Chris.
 

joang

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Chris, you gave me a lot to chew on. I may have to digest it a bite at a time. :cool:

When you say, "ANY situation, any relationship, will reflect the general properties covered in
the questions asked of you."

Does that mean if I have an entirely different question/situation in mind, and I answer the questions put to me in exactly the same way I did before, I will ALWAYS get hex 34?
 

joang

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Chris, another question...

You mentioned WHO, WHAT, WHERE, WHY, WHEN and HOW type questions, but where does WOULD or WILL fit in? It was a WOULD question that yielded 37, when I asked it using the 4-colored beads method.

TIA...
 

joang

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Chris, on re-reading your post I think I found the answers to my last two questions there.

1. I will not ALWAYS get 34, because the computer generates a random hexagram even if I have answered the questions put to me exactly the same.

2. The WHO, WHAT, WHERE, etc., are asked as possible follow-ups to the original question, which in this instance began with WOULD.

Is that correct?
 

chrislofting

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Hi Joan, some more to 'chew over' ;-) ....

you wrote:
> Chris, on re-reading your post I think I found the answers
> to my last two questions there.
>
> 1. I will not ALWAYS get 34, because the computer generates
> a random hexagram even if I have answered the questions put
> to me exactly the same.
>

thats right - but you COULD get 34 five times in a row! - the fun of 'randomness' ;-) This gets into such complex concepts as "Markov Chains" where patterns emerge in randomness that are random and not caused by anything (as in *intent*). Our brains are pattern-seekers and so can read into something something that is not necessarily there (issues of maya etc).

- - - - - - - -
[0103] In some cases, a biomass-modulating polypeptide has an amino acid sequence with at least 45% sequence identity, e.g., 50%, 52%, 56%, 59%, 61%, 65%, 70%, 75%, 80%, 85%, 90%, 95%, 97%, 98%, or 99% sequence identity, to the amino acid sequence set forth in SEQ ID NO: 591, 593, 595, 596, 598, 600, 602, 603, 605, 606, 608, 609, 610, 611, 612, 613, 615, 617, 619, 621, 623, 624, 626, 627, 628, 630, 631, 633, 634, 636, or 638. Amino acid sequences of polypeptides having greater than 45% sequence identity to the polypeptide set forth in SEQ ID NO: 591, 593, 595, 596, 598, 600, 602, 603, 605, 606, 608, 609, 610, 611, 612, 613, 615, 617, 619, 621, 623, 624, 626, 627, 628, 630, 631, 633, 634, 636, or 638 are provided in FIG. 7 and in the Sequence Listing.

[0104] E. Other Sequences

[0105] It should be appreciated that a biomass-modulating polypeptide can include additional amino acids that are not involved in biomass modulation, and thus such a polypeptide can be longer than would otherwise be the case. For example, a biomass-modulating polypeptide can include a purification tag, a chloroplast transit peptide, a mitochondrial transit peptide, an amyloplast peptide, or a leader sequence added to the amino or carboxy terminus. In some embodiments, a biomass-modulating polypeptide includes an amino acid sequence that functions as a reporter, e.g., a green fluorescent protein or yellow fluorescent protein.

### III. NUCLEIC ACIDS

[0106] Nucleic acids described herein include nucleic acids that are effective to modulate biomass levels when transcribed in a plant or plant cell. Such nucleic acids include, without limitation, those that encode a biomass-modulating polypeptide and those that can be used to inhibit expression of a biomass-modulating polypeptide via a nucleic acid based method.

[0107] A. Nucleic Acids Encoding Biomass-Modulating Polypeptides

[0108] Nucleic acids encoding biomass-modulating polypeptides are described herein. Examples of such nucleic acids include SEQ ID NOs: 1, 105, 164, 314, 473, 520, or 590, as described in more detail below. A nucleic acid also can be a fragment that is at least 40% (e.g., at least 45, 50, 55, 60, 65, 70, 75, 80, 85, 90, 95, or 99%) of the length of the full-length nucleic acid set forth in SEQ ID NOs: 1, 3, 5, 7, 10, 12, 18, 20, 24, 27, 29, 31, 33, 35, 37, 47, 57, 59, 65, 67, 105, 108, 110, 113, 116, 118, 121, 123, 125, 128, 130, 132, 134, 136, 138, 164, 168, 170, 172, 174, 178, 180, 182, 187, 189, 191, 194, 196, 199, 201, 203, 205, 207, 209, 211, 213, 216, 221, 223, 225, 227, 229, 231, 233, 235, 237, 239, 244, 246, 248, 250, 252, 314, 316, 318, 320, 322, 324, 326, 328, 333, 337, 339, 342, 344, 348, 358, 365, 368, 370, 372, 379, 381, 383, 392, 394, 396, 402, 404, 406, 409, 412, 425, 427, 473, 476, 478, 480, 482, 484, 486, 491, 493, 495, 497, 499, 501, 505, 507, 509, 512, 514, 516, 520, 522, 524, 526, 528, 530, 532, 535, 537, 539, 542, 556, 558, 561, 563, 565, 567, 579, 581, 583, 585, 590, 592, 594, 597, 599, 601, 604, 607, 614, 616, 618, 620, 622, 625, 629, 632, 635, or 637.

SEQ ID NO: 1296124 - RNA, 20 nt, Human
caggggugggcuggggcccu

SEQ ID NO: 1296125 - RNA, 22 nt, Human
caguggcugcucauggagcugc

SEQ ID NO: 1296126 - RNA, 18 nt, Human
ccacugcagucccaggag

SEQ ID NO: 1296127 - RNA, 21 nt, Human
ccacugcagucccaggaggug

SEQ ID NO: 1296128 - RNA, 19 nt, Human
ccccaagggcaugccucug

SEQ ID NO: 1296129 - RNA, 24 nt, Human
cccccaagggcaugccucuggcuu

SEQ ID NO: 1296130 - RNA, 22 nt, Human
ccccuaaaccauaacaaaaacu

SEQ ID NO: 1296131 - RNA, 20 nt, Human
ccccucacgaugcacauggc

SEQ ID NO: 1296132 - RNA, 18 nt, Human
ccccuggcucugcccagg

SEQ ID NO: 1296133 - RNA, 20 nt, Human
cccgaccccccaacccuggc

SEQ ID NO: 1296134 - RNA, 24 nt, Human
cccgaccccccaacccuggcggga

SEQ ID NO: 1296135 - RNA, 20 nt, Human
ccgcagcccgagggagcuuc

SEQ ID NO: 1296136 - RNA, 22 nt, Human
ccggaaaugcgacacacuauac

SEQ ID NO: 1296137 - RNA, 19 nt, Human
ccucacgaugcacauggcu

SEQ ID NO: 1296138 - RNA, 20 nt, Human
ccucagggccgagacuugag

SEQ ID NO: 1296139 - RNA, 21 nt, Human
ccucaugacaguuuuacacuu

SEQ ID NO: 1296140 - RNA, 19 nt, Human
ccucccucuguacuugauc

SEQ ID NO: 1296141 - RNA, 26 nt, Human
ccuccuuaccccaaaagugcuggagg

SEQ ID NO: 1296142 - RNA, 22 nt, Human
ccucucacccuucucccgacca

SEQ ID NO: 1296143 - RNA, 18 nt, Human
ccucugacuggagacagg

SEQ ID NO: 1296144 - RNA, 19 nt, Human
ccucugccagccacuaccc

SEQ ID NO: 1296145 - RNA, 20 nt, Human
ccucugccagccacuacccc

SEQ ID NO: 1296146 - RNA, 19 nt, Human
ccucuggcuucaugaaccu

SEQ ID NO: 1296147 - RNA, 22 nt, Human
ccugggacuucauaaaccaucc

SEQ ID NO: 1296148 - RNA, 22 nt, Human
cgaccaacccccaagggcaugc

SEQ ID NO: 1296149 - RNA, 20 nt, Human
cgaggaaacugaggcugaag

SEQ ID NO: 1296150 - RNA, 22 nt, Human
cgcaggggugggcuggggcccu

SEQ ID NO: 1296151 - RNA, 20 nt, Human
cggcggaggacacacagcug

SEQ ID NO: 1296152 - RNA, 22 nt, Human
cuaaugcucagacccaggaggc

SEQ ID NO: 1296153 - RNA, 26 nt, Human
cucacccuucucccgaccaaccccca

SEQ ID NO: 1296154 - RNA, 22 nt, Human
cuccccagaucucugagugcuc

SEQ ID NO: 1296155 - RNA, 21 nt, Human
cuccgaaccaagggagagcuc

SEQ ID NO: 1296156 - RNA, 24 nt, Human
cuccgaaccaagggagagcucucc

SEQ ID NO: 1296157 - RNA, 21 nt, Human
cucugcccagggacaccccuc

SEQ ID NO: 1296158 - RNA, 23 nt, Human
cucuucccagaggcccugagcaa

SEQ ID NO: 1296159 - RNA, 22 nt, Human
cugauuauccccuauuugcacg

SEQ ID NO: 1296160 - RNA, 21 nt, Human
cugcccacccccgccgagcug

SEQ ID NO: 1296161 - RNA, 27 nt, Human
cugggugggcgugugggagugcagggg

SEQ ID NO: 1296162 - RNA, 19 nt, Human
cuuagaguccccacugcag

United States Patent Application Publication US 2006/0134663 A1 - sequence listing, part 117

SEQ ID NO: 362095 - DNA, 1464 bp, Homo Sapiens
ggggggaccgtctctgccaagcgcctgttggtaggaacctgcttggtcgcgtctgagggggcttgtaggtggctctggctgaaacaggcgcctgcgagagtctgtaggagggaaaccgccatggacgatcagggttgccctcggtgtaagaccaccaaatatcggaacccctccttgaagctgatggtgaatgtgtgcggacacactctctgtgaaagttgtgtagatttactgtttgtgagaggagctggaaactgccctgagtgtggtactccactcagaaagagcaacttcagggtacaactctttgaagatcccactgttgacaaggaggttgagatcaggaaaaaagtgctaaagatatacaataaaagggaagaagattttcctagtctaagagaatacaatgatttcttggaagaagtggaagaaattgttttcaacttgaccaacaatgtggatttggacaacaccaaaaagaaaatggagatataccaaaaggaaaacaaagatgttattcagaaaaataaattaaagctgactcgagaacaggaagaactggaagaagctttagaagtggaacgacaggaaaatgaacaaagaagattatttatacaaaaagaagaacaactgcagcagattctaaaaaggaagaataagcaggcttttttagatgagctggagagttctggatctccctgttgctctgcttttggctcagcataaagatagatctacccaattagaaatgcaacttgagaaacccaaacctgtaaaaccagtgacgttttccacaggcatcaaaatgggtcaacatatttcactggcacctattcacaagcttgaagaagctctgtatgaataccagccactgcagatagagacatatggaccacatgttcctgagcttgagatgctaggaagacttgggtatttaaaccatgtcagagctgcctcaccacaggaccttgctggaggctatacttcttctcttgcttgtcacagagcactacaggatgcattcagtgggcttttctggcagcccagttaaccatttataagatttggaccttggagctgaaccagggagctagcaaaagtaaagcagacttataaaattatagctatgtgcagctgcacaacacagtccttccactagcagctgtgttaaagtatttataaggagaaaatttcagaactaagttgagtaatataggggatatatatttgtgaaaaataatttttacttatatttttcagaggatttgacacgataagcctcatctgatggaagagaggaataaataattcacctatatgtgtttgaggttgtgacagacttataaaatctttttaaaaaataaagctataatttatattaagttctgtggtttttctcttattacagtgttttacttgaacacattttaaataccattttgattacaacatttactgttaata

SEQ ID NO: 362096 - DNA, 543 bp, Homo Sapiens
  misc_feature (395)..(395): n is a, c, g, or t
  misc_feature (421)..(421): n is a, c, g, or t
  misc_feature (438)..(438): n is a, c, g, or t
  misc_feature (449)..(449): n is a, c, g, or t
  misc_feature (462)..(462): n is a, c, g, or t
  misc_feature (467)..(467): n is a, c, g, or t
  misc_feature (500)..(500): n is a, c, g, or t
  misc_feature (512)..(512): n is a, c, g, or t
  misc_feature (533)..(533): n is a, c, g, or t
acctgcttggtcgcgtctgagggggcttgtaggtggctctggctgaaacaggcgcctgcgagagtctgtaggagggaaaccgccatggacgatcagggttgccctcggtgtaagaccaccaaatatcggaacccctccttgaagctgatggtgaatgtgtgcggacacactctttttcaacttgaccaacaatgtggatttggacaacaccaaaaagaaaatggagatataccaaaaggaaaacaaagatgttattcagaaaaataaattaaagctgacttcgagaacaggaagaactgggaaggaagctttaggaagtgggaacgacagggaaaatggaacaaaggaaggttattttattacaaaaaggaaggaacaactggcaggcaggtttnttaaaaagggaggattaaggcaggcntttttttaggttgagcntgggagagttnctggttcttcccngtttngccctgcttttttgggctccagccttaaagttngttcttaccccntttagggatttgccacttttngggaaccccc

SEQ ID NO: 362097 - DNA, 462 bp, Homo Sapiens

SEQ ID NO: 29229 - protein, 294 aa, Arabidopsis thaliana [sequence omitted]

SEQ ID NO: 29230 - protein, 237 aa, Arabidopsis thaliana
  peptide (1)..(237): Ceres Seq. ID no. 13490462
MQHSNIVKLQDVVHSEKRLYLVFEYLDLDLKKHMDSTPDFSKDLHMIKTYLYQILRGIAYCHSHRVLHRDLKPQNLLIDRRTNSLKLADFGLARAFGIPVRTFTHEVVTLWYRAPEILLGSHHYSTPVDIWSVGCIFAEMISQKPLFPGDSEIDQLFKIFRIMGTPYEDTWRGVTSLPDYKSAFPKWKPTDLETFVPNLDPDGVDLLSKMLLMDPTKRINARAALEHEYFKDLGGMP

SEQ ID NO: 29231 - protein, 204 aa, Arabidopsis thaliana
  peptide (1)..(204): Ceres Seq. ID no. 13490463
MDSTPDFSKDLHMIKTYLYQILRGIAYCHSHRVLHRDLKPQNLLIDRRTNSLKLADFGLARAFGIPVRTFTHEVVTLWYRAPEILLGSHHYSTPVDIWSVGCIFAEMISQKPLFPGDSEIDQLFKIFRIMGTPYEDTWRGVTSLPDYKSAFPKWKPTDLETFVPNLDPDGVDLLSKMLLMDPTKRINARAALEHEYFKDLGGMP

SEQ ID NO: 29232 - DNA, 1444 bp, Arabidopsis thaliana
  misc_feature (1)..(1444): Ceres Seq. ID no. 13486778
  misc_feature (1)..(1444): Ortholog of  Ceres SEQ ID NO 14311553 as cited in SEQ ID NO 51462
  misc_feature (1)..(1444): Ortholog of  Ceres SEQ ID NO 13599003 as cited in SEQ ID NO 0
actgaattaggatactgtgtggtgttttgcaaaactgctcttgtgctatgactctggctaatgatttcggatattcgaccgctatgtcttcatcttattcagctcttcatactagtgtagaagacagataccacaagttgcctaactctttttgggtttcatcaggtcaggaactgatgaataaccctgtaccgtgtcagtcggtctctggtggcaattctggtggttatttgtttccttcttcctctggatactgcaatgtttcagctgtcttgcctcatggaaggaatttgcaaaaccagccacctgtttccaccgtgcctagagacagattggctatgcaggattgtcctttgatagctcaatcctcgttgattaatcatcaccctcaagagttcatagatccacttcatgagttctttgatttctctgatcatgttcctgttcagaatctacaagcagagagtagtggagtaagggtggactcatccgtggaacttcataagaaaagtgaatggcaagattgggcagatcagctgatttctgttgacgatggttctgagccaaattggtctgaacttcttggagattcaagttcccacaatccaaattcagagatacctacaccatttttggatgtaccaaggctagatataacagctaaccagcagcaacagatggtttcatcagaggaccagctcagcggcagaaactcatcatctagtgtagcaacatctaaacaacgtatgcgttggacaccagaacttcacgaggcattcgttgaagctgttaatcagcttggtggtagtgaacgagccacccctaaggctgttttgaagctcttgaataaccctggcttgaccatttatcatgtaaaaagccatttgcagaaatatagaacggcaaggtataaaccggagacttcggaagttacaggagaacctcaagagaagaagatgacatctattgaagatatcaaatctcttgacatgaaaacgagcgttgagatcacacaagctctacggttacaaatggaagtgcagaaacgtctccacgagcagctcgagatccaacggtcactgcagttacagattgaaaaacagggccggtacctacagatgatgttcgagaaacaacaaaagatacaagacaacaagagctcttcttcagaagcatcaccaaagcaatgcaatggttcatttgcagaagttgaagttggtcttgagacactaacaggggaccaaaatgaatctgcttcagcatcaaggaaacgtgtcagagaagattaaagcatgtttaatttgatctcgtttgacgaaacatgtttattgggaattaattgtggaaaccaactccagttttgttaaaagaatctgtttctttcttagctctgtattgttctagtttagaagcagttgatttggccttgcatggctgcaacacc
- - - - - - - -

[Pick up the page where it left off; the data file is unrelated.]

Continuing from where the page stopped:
Since the I Ching is deemed to reflect 'all there is', it works as a filter, so ALL of the hexagrams apply at EVERY moment but into the 'best fit - worst fit' order where the LOCAL dynamics will make a 'best fit' to one of the hexagrams. If we use randomness then we are not accessing that particular best-to-worst ordering of hexagrams, we are accessing the hexagrams out of order and so lacking in qualitative precision BUT we will still 'link the dots' and so derive meaning from whichever hexagram we get as long as we can link it to a context - and so the strong focus on clearly differentiating the original question. (as covered elsewhere, if the hexagram does not 'fit' then it is, or is near to, the 'worst fit' hexagram and so just focus on its opposite that should be, or be close to, the best fit hexagram)

As a species we are very sensitive to 'differences that make differences' (Gregory Bateson's phrase), we are over-sensitive to difference, habituate to sameness.

As instincts of PROTECTION, lifeforms in general seem to:

(a) interpret each sensation as potentially meaningful
(b) interpret all sensations as potentially linked together.

These instincts help avoid one becoming dinner for some other lifeform etc. They also seem to be the roots of a collective sense of the 'spiritual', as a form of protection (which is what the more down-to-earth spiritual focus is upon, protecting rather than exploiting the 'vibe' to transcend)